I have tried to reproduce a similar sound using a small clean Fender Champ amp, a Tube Screamer (Analogman TS9) and a Morley Pro Wah. To mimic the reverb heard in the video above, I have added a “Vintage Plate Reverb” in Cubase after the recording. I have used the Reverence plugin with the “Vintage Plate Reverb 2s” preset.

This “Woman Tone” approximation works best with the neck pickup of my Gibson SG 61 reissue. But it is also interesting with the bridge pickup and the two pickups together, as a I show in this short video:

The amp was set clean (Volume at 2.5) and the Analogman TS9 had the following settings: Drive at 3, Tone at 9 o’clock and level slightly above 12 o’clock. The wah was plugged before the Tube Screamer and the amp was close miked using a RODE NT4.

So guys and girls, it is time to take that twin humbucker guitar out of its closet and crank it!

In the next installment of this mini-series of posts dedicated to Eric Clapton, I will focus on his Strat tone.

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6 thoughts on “The Tone of Eric Clapton Part 1: The Gibson Years”

  1. Thanks for another interesting “Tone of…” item, I am liking how GTO is developing!

    However, CUBASE? Really? Feels like a bit of a cheat. If I am trying to nail one of your pro-tones in the real world cubase isn’t exactly an option. How about a bit of “with pedal X I dial in xxx milliseconds with a 40% mix” type action.


  2. I have only used Cubase for the reverb which really is an option if you record. Now, in live situation, reverb is a bit of complex issue as you might not want to use too much of it in a venue that has some natural reverb. But in a small room, a reverb pedal can be used. I have a Boss RV-3 for instance and it has a Plate Reverb mode (last mode on the mode dial) that mimics what I have done in cubase with the tone at 9 o’clock, the reverb time and balance at around 12 o’clock (reverb time can be lowered to 10 o’clock if that is too much).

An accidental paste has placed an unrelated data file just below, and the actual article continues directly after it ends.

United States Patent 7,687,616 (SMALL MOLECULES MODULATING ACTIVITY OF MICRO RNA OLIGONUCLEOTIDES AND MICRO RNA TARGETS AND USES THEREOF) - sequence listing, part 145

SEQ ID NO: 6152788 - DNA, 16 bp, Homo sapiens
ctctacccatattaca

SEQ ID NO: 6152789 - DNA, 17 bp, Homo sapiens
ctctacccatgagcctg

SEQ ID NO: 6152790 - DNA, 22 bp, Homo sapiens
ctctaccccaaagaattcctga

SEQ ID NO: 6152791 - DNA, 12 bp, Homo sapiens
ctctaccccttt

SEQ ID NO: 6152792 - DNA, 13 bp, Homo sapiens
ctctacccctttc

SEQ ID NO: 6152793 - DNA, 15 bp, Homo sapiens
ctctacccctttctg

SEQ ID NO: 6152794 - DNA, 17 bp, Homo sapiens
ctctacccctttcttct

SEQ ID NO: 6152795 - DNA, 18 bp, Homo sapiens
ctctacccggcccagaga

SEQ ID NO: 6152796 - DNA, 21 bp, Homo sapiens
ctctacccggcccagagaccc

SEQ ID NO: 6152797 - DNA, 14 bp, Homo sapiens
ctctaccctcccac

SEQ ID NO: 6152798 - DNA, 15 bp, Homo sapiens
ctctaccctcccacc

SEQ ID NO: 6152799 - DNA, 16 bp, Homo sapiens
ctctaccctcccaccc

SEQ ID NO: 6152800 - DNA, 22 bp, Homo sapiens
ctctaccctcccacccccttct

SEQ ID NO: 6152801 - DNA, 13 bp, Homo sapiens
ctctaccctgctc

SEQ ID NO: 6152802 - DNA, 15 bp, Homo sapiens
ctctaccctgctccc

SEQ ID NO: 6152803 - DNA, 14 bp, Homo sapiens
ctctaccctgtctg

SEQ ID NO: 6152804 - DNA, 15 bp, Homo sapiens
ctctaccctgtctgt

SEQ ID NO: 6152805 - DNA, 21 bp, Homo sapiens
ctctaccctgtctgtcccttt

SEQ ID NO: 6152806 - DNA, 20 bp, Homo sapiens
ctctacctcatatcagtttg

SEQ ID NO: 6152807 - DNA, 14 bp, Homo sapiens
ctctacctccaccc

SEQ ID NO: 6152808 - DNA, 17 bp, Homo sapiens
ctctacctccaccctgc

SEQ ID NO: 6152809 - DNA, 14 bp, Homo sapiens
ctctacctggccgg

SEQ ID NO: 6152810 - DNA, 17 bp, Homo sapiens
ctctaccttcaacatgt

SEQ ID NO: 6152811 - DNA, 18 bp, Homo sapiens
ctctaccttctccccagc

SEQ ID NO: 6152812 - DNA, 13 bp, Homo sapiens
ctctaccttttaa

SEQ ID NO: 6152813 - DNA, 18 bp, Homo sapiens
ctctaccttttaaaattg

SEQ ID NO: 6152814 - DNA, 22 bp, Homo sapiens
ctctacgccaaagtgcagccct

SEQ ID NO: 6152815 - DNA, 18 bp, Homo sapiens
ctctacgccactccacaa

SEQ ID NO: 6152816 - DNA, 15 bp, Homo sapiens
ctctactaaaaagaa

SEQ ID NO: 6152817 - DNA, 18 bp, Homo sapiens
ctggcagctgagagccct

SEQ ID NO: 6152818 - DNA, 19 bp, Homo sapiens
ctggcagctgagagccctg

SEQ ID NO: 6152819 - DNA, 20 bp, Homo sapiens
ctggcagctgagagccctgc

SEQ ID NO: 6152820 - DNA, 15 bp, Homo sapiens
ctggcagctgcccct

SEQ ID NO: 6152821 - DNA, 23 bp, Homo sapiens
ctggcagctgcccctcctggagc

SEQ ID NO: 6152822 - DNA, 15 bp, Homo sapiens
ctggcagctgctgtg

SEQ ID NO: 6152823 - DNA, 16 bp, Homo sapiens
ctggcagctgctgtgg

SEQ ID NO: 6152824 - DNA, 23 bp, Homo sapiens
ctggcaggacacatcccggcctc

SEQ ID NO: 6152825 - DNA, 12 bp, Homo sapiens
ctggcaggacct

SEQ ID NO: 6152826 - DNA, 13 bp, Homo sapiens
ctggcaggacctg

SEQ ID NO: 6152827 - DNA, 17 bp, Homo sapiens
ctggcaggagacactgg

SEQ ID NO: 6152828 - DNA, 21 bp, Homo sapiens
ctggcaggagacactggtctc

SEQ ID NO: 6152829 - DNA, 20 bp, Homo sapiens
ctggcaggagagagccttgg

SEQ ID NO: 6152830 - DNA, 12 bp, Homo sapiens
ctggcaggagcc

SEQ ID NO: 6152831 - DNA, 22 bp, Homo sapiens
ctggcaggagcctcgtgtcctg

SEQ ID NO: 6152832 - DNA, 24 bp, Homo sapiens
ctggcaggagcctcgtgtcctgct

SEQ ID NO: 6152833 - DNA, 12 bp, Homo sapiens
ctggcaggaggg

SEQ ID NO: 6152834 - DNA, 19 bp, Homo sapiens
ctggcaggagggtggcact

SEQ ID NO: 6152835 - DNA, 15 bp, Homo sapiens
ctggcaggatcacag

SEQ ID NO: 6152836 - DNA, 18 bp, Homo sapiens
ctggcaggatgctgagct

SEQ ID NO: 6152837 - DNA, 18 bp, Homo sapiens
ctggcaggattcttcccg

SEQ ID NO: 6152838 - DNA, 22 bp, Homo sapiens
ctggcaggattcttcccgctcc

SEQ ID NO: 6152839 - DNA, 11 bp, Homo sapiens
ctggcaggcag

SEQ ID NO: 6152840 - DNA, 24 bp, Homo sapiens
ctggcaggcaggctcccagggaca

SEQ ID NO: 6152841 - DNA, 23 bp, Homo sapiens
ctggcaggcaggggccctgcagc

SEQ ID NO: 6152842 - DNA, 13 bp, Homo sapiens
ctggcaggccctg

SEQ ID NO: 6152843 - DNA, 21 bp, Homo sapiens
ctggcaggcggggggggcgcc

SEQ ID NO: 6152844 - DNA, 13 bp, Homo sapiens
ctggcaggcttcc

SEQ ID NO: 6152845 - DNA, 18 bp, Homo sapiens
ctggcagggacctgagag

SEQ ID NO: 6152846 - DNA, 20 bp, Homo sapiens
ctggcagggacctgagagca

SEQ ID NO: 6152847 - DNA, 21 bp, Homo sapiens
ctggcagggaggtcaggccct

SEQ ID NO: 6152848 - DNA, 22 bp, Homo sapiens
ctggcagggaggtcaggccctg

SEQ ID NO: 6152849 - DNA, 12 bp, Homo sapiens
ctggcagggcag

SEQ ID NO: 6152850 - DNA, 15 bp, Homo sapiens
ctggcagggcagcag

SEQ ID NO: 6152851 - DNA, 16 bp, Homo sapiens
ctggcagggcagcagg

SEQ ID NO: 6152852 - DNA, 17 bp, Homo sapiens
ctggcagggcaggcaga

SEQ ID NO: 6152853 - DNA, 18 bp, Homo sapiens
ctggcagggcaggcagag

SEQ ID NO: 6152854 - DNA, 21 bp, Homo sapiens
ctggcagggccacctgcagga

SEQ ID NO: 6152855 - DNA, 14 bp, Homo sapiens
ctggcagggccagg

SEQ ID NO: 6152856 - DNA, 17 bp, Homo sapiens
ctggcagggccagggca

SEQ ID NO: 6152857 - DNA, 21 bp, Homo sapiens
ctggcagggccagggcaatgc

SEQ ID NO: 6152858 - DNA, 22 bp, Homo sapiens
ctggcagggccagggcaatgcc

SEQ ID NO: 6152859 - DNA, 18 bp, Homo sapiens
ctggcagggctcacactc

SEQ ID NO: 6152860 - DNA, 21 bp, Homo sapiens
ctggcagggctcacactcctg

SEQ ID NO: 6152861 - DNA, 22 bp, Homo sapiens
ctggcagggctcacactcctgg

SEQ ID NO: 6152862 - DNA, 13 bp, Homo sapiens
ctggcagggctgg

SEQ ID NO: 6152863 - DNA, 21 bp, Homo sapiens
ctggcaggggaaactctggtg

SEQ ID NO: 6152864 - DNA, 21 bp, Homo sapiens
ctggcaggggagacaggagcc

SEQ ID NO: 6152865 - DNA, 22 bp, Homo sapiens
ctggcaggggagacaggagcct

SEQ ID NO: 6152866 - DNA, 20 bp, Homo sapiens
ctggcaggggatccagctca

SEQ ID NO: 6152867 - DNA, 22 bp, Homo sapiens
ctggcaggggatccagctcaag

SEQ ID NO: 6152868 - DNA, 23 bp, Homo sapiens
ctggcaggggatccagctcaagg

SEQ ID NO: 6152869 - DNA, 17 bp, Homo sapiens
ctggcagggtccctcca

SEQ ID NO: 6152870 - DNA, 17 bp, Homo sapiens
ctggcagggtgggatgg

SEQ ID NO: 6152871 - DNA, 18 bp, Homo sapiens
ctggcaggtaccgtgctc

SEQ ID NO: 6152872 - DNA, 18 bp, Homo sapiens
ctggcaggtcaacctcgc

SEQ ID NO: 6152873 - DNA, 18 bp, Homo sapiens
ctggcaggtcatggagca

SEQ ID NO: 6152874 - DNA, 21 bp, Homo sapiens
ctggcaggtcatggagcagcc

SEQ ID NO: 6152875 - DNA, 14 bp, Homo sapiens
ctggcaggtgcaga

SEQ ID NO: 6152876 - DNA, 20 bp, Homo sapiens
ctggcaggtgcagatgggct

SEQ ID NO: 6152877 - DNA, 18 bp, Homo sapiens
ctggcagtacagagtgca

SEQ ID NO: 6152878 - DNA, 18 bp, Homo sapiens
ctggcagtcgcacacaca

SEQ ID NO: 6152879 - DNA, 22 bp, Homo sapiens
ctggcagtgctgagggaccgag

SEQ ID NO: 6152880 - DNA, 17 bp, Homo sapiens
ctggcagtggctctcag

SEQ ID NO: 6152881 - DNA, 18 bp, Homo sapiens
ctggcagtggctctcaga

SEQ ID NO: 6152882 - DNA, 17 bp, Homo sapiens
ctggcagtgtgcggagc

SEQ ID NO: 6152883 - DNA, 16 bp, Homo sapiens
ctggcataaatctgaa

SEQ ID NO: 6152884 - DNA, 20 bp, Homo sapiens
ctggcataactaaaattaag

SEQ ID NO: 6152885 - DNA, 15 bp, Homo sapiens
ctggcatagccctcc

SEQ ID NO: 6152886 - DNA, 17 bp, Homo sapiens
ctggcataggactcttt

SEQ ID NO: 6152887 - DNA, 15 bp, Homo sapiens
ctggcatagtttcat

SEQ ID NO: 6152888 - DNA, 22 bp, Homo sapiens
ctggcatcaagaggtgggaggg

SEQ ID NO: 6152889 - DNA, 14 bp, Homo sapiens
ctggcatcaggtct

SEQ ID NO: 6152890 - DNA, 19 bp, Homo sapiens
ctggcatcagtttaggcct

With other pedals that don’t have a plate reverb mode, a “Hall” rverb mode can do the trick.

  3. Great segment and demo. But. I own a plexi amp wich can be cranked all the way. Its 100watts. But my question was how do is set the bass treble and mids on this one. Because i used your settings but. It doesnt quite do it.
    And do i use both volumes or just one.

    I was hoping if you could help me.

  4. Hi, lucky you who can crank a plexi all the way! The settings I gave were more for a tube screamer plugged into a clean Fender amp so they won’t work with a Marshall amp. I would rather advise you to try all EQ settings at 12 o’clock or all the way up and to ‘make’ the sound with the tone control of the guitar. Let me know if it is better.

  5. hey. thanks very much for the setting it really helped. haha now im thinking about buying an sg but with my les paul it works pretty well to.

    gr. harvey.

  6. If you want aome bedroom volume “Woman Tone” I highly recommend a cranked VOX AC4 set on 1/4 watt with a Les Paul. Use both pickups and turn the bridge pickups tone all the way down.